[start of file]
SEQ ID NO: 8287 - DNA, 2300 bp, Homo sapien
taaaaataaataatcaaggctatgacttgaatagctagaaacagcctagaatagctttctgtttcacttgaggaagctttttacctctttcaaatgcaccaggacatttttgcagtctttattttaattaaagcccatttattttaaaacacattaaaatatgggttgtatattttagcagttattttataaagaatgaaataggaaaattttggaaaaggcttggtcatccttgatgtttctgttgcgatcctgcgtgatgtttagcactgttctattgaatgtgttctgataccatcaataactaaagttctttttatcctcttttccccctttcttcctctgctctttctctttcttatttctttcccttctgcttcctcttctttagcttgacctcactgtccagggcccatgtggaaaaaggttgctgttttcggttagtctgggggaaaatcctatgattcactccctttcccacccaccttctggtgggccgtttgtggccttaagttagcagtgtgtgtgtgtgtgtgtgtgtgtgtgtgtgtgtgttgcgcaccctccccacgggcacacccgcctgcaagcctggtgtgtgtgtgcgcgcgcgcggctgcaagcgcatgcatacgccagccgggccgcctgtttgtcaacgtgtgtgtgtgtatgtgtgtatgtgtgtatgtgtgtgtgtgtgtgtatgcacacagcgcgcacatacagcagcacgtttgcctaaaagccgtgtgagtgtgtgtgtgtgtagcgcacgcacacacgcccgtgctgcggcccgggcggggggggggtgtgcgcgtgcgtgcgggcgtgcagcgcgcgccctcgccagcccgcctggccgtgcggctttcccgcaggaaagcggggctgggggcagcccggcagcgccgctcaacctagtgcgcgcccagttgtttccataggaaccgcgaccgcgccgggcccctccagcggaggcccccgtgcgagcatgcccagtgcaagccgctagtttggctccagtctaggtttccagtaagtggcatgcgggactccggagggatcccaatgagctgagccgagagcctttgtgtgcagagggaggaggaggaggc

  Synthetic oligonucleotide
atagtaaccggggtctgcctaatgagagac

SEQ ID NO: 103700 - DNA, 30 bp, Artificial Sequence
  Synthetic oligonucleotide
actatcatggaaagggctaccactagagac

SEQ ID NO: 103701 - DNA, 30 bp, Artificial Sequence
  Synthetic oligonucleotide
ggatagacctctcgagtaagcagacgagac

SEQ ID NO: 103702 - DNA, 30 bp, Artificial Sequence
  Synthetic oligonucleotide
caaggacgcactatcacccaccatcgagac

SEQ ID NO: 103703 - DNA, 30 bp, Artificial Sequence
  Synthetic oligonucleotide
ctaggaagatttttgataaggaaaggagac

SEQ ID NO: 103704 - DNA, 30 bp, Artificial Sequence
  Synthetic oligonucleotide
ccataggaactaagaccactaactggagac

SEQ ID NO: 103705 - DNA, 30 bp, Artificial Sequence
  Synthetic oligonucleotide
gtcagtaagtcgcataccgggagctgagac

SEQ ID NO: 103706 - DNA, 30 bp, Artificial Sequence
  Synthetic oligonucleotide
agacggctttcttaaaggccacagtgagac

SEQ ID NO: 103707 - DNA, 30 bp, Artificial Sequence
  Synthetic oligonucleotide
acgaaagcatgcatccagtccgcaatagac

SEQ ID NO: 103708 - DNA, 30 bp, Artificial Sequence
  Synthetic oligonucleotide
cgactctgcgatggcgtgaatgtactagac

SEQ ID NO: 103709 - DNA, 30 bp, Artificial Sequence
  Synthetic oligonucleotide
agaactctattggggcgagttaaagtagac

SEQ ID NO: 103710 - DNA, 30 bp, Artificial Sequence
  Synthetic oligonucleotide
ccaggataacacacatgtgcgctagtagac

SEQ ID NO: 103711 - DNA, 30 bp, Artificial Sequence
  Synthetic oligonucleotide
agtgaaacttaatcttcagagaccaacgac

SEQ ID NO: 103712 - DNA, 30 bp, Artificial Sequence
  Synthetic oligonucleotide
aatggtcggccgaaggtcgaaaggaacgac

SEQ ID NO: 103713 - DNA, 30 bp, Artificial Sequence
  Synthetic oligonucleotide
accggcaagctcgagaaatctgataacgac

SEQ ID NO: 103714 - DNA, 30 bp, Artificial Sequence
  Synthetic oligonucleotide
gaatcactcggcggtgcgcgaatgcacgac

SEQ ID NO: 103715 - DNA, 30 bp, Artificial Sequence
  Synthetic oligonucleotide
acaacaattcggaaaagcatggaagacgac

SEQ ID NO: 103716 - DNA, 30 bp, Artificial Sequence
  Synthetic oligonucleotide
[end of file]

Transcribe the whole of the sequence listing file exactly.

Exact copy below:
SEQ ID NO: 8287 - DNA, 2300 bp, Homo sapien
taaaaataaataatcaaggctatgacttgaatagctagaaacagcctagaatagctttctgtttcacttgaggaagctttttacctctttcaaatgcaccaggacatttttgcagtctttattttaattaaagcccatttattttaaaacacattaaaatatgggttgtatattttagcagttattttataaagaatgaaataggaaaattttggaaaaggcttggtcatccttgatgtttctgttgcgatcctgcgtgatgtttagcactgttctattgaatgtgttctgataccatcaataactaaagttctttttatcctcttttccccctttcttcctctgctctttctctttcttatttctttcccttctgcttcctcttctttagcttgacctcactgtccagggcccatgtggaaaaaggttgctgttttcggttagtctgggggaaaatcctatgattcactccctttcccacccaccttctggtgggccgtttgtggccttaagttagcagtgtgtgtgtgtgtgtgtgtgtgtgtgtgtgtgtgttgcgcaccctccccacgggcacacccgcctgcaagcctggtgtgtgtgtgcgcgcgcgcggctgcaagcgcatgcatacgccagccgggccgcctgtttgtcaacgtgtgtgtgtgtatgtgtgtatgtgtgtatgtgtgtgtgtgtgtgtatgcacacagcgcgcacatacagcagcacgtttgcctaaaagccgtgtgagtgtgtgtgtgtgtagcgcacgcacacacgcccgtgctgcggcccgggcggggggggggtgtgcgcgtgcgtgcgggcgtgcagcgcgcgccctcgccagcccgcctggccgtgcggctttcccgcaggaaagcggggctgggggcagcccggcagcgccgctcaacctagtgcgcgcccagttgtttccataggaaccgcgaccgcgccgggcccctccagcggaggcccccgtgcgagcatgcccagtgcaagccgctagtttggctccagtctaggtttccagtaagtggcatgcgggactccggagggatcccaatgagctgagccgagagcctttgtgtgcagagggaggaggaggaggc

  Synthetic oligonucleotide
atagtaaccggggtctgcctaatgagagac

SEQ ID NO: 103700 - DNA, 30 bp, Artificial Sequence
  Synthetic oligonucleotide
actatcatggaaagggctaccactagagac

SEQ ID NO: 103701 - DNA, 30 bp, Artificial Sequence
  Synthetic oligonucleotide
ggatagacctctcgagtaagcagacgagac

SEQ ID NO: 103702 - DNA, 30 bp, Artificial Sequence
  Synthetic oligonucleotide
caaggacgcactatcacccaccatcgagac

SEQ ID NO: 103703 - DNA, 30 bp, Artificial Sequence
  Synthetic oligonucleotide
ctaggaagatttttgataaggaaaggagac

SEQ ID NO: 103704 - DNA, 30 bp, Artificial Sequence
  Synthetic oligonucleotide
ccataggaactaagaccactaactggagac

SEQ ID NO: 103705 - DNA, 30 bp, Artificial Sequence
  Synthetic oligonucleotide
gtcagtaagtcgcataccgggagctgagac

SEQ ID NO: 103706 - DNA, 30 bp, Artificial Sequence
  Synthetic oligonucleotide
agacggctttcttaaaggccacagtgagac

SEQ ID NO: 103707 - DNA, 30 bp, Artificial Sequence
  Synthetic oligonucleotide
acgaaagcatgcatccagtccgcaatagac

SEQ ID NO: 103708 - DNA, 30 bp, Artificial Sequence
  Synthetic oligonucleotide
cgactctgcgatggcgtgaatgtactagac

SEQ ID NO: 103709 - DNA, 30 bp, Artificial Sequence
  Synthetic oligonucleotide
agaactctattggggcgagttaaagtagac

SEQ ID NO: 103710 - DNA, 30 bp, Artificial Sequence
  Synthetic oligonucleotide
ccaggataacacacatgtgcgctagtagac

SEQ ID NO: 103711 - DNA, 30 bp, Artificial Sequence
  Synthetic oligonucleotide
agtgaaacttaatcttcagagaccaacgac

SEQ ID NO: 103712 - DNA, 30 bp, Artificial Sequence
  Synthetic oligonucleotide
aatggtcggccgaaggtcgaaaggaacgac

SEQ ID NO: 103713 - DNA, 30 bp, Artificial Sequence
  Synthetic oligonucleotide
accggcaagctcgagaaatctgataacgac

SEQ ID NO: 103714 - DNA, 30 bp, Artificial Sequence
  Synthetic oligonucleotide
gaatcactcggcggtgcgcgaatgcacgac

SEQ ID NO: 103715 - DNA, 30 bp, Artificial Sequence
  Synthetic oligonucleotide
acaacaattcggaaaagcatggaagacgac

SEQ ID NO: 103716 - DNA, 30 bp, Artificial Sequence
  Synthetic oligonucleotide